Niue joins list of debt-free nations; to hike pensions by 10%
Niue has managed to pay off up to $4m of debt and has �no interest� in borrowing again, especially from big powers like China
At a time when almost the entire world is facing financial crisis, here comes some good news.
Niue, one of the world’s smallest countries, has declared itself debt-free and is spending the extra money on increasing pensions and offering incentives to lure expatriates home.
Toke Talagi, premier of the tiny island nation, said this during Niue's constitution day celebrations last week, which marked 42 years of self government in free association with New Zealand.
The island was now debt free and could afford to increase fortnightly pensions from $250 to $272, he said.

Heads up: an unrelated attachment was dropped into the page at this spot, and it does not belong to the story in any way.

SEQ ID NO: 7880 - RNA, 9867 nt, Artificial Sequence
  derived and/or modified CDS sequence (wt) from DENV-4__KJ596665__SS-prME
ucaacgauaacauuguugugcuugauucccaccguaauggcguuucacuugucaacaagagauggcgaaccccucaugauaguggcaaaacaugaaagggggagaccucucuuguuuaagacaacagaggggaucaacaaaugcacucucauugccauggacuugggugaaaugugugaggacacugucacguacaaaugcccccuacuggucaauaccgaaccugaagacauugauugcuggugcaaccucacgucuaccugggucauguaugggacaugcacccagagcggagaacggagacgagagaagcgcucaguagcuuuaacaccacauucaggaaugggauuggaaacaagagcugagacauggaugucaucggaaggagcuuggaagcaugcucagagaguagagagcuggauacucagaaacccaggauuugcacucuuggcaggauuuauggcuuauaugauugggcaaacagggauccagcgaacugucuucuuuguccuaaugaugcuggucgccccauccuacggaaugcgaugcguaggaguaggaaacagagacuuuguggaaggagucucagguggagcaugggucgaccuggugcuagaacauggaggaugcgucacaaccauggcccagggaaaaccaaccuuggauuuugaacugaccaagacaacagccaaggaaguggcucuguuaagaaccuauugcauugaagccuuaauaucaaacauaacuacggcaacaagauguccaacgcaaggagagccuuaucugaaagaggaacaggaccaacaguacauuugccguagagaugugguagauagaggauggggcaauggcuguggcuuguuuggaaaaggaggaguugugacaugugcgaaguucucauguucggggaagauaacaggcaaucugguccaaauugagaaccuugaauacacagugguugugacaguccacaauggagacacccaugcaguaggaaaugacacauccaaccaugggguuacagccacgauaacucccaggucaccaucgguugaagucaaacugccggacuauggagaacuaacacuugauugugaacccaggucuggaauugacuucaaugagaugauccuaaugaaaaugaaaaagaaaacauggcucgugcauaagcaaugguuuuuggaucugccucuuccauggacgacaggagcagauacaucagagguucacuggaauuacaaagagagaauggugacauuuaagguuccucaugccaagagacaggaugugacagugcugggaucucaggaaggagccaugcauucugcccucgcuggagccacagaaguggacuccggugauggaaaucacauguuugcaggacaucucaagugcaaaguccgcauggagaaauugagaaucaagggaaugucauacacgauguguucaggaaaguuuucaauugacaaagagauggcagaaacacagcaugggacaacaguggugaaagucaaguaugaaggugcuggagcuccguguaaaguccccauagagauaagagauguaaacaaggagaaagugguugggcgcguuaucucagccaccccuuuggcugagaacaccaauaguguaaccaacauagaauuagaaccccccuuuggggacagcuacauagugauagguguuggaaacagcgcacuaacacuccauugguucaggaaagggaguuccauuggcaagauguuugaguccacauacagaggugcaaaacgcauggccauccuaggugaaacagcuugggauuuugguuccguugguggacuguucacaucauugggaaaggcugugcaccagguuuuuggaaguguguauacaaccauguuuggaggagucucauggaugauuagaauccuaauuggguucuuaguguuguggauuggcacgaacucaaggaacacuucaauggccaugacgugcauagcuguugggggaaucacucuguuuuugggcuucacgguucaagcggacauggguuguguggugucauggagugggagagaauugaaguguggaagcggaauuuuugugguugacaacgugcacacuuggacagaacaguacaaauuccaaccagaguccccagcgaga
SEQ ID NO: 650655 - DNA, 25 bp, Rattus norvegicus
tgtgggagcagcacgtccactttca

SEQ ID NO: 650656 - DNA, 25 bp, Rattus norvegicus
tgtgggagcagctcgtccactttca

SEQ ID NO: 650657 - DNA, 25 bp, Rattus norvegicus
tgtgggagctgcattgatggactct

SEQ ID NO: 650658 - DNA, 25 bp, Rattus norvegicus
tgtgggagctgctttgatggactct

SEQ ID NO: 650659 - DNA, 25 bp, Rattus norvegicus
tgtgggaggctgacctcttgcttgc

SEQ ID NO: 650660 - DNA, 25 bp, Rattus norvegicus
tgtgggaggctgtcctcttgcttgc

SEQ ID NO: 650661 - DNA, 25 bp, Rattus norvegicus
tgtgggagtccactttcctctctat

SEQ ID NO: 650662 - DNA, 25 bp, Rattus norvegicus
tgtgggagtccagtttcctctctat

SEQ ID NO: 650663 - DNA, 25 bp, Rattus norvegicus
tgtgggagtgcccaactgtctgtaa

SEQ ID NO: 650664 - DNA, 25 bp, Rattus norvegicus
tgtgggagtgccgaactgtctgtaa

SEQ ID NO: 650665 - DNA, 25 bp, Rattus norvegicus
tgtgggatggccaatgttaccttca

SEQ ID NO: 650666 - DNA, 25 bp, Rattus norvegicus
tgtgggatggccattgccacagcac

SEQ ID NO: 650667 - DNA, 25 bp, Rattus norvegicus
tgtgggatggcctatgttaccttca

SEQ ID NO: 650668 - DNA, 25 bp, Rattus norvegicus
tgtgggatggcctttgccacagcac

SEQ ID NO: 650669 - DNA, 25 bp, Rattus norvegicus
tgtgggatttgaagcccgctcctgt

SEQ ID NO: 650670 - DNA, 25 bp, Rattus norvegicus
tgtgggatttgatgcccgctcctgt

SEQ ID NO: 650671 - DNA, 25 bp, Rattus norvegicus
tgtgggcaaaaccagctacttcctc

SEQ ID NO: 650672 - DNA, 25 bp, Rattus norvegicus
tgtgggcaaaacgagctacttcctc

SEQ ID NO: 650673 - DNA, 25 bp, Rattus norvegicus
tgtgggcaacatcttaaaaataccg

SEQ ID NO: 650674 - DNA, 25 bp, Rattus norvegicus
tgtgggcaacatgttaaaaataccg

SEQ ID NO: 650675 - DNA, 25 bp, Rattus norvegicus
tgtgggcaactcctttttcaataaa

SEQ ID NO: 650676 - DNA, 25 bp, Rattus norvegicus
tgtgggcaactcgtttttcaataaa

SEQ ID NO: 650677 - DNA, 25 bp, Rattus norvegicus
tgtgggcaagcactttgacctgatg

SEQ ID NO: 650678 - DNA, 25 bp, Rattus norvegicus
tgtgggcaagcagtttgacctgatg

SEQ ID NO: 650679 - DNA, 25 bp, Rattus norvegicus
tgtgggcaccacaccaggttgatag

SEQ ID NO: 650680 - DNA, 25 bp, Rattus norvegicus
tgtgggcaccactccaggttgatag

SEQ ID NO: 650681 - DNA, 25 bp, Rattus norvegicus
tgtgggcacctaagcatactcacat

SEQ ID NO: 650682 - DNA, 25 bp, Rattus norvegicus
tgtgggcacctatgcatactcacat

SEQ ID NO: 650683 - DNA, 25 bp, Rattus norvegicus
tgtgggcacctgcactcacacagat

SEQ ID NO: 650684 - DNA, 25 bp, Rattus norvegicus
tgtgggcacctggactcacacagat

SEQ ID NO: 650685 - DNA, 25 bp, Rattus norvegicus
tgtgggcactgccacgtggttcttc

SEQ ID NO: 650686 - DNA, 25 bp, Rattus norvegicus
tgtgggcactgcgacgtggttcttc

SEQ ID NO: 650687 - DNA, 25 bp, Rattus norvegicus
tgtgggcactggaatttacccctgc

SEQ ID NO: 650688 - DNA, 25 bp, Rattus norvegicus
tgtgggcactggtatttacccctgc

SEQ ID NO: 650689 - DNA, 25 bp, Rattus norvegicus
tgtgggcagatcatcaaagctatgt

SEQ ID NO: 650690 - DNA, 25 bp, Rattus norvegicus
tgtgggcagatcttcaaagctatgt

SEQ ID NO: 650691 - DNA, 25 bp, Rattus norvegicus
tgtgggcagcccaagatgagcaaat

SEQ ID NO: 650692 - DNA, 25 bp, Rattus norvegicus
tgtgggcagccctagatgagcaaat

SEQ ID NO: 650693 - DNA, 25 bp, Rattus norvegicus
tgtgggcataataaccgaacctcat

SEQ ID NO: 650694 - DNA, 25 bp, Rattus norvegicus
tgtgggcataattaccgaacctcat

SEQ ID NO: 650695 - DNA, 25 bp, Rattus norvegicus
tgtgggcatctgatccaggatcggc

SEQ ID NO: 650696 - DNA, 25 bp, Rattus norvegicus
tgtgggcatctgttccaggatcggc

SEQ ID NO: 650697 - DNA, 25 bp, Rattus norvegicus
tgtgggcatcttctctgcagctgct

He has also promised pay rise for government employees, the biggest single category of workers on Niue, and their four-day work week would remain in place.
The island of Niue, perched on a coral atoll in the south Pacific, is home to fewer than just 1,700 persons, that, too, because of the return of many expat Niueans.
Premier Toke Talagi told The Guardian that Niue had managed to pay off up to $4m of debt and had “no interest” in borrowing again, especially from big powers like China that had offered the country “huge sums that other Pacific islands find too tempting to resist”.
“We are trying to live within our means using the island’s natural resources such as tourism, bananas and exporting water,” Talagi reportedly said.
“It is better for us to be patient and invest in funding sources within our island that we will be able to depend on,” he added.
New Zealand's total aid package to Niue in 2015-16 year was $16.4 million.